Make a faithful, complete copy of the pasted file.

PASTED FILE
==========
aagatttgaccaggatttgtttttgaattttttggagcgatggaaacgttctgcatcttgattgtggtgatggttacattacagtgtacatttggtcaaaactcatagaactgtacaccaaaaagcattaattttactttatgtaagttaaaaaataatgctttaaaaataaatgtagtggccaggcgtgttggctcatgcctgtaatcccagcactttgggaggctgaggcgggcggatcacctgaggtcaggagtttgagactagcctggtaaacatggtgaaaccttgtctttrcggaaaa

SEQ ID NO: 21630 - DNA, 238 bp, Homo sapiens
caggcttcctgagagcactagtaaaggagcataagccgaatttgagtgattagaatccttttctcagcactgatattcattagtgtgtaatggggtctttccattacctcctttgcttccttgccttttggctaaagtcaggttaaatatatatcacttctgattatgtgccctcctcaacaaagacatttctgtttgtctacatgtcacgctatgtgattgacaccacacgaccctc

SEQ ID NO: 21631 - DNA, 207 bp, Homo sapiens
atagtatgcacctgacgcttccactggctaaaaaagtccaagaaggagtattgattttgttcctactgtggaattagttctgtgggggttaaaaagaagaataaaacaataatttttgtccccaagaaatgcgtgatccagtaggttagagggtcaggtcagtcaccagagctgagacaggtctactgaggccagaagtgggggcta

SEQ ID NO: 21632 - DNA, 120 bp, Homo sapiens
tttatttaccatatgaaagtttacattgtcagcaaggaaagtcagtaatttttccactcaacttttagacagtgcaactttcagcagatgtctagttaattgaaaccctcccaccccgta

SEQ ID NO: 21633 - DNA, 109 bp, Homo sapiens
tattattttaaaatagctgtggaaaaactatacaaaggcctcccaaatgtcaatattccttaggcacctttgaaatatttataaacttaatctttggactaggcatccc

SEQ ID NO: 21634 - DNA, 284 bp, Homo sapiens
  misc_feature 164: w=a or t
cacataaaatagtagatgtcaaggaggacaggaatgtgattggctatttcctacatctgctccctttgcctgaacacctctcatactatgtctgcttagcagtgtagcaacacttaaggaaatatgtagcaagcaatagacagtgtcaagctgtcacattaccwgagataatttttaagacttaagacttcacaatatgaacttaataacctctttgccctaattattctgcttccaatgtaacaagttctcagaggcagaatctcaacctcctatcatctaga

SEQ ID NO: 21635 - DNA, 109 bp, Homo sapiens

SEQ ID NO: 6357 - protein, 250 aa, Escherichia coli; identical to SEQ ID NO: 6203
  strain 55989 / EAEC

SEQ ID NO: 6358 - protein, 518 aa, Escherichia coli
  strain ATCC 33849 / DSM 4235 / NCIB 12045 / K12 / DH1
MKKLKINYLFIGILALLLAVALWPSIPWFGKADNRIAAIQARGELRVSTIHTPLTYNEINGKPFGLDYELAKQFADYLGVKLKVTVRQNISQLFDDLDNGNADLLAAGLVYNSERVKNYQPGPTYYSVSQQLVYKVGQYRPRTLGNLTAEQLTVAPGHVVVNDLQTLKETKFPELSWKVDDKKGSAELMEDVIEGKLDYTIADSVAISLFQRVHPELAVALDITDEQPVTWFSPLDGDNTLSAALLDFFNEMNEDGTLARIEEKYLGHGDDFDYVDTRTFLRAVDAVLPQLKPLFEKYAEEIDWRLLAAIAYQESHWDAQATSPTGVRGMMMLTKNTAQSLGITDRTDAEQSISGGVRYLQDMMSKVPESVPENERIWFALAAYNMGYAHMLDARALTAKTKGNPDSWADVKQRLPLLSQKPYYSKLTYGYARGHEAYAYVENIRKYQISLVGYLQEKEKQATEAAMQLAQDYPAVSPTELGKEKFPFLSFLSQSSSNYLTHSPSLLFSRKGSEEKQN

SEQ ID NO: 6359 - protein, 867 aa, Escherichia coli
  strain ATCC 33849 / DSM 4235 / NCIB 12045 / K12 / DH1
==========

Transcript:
aagatttgaccaggatttgtttttgaattttttggagcgatggaaacgttctgcatcttgattgtggtgatggttacattacagtgtacatttggtcaaaactcatagaactgtacaccaaaaagcattaattttactttatgtaagttaaaaaataatgctttaaaaataaatgtagtggccaggcgtgttggctcatgcctgtaatcccagcactttgggaggctgaggcgggcggatcacctgaggtcaggagtttgagactagcctggtaaacatggtgaaaccttgtctttrcggaaaa

SEQ ID NO: 21630 - DNA, 238 bp, Homo sapiens
caggcttcctgagagcactagtaaaggagcataagccgaatttgagtgattagaatccttttctcagcactgatattcattagtgtgtaatggggtctttccattacctcctttgcttccttgccttttggctaaagtcaggttaaatatatatcacttctgattatgtgccctcctcaacaaagacatttctgtttgtctacatgtcacgctatgtgattgacaccacacgaccctc

SEQ ID NO: 21631 - DNA, 207 bp, Homo sapiens
atagtatgcacctgacgcttccactggctaaaaaagtccaagaaggagtattgattttgttcctactgtggaattagttctgtgggggttaaaaagaagaataaaacaataatttttgtccccaagaaatgcgtgatccagtaggttagagggtcaggtcagtcaccagagctgagacaggtctactgaggccagaagtgggggcta

SEQ ID NO: 21632 - DNA, 120 bp, Homo sapiens
tttatttaccatatgaaagtttacattgtcagcaaggaaagtcagtaatttttccactcaacttttagacagtgcaactttcagcagatgtctagttaattgaaaccctcccaccccgta

SEQ ID NO: 21633 - DNA, 109 bp, Homo sapiens
tattattttaaaatagctgtggaaaaactatacaaaggcctcccaaatgtcaatattccttaggcacctttgaaatatttataaacttaatctttggactaggcatccc

SEQ ID NO: 21634 - DNA, 284 bp, Homo sapiens
  misc_feature 164: w=a or t
cacataaaatagtagatgtcaaggaggacaggaatgtgattggctatttcctacatctgctccctttgcctgaacacctctcatactatgtctgcttagcagtgtagcaacacttaaggaaatatgtagcaagcaatagacagtgtcaagctgtcacattaccwgagataatttttaagacttaagacttcacaatatgaacttaataacctctttgccctaattattctgcttccaatgtaacaagttctcagaggcagaatctcaacctcctatcatctaga

SEQ ID NO: 21635 - DNA, 109 bp, Homo sapiens

SEQ ID NO: 6357 - protein, 250 aa, Escherichia coli; identical to SEQ ID NO: 6203
  strain 55989 / EAEC

SEQ ID NO: 6358 - protein, 518 aa, Escherichia coli
  strain ATCC 33849 / DSM 4235 / NCIB 12045 / K12 / DH1
MKKLKINYLFIGILALLLAVALWPSIPWFGKADNRIAAIQARGELRVSTIHTPLTYNEINGKPFGLDYELAKQFADYLGVKLKVTVRQNISQLFDDLDNGNADLLAAGLVYNSERVKNYQPGPTYYSVSQQLVYKVGQYRPRTLGNLTAEQLTVAPGHVVVNDLQTLKETKFPELSWKVDDKKGSAELMEDVIEGKLDYTIADSVAISLFQRVHPELAVALDITDEQPVTWFSPLDGDNTLSAALLDFFNEMNEDGTLARIEEKYLGHGDDFDYVDTRTFLRAVDAVLPQLKPLFEKYAEEIDWRLLAAIAYQESHWDAQATSPTGVRGMMMLTKNTAQSLGITDRTDAEQSISGGVRYLQDMMSKVPESVPENERIWFALAAYNMGYAHMLDARALTAKTKGNPDSWADVKQRLPLLSQKPYYSKLTYGYARGHEAYAYVENIRKYQISLVGYLQEKEKQATEAAMQLAQDYPAVSPTELGKEKFPFLSFLSQSSSNYLTHSPSLLFSRKGSEEKQN

SEQ ID NO: 6359 - protein, 867 aa, Escherichia coli
  strain ATCC 33849 / DSM 4235 / NCIB 12045 / K12 / DH1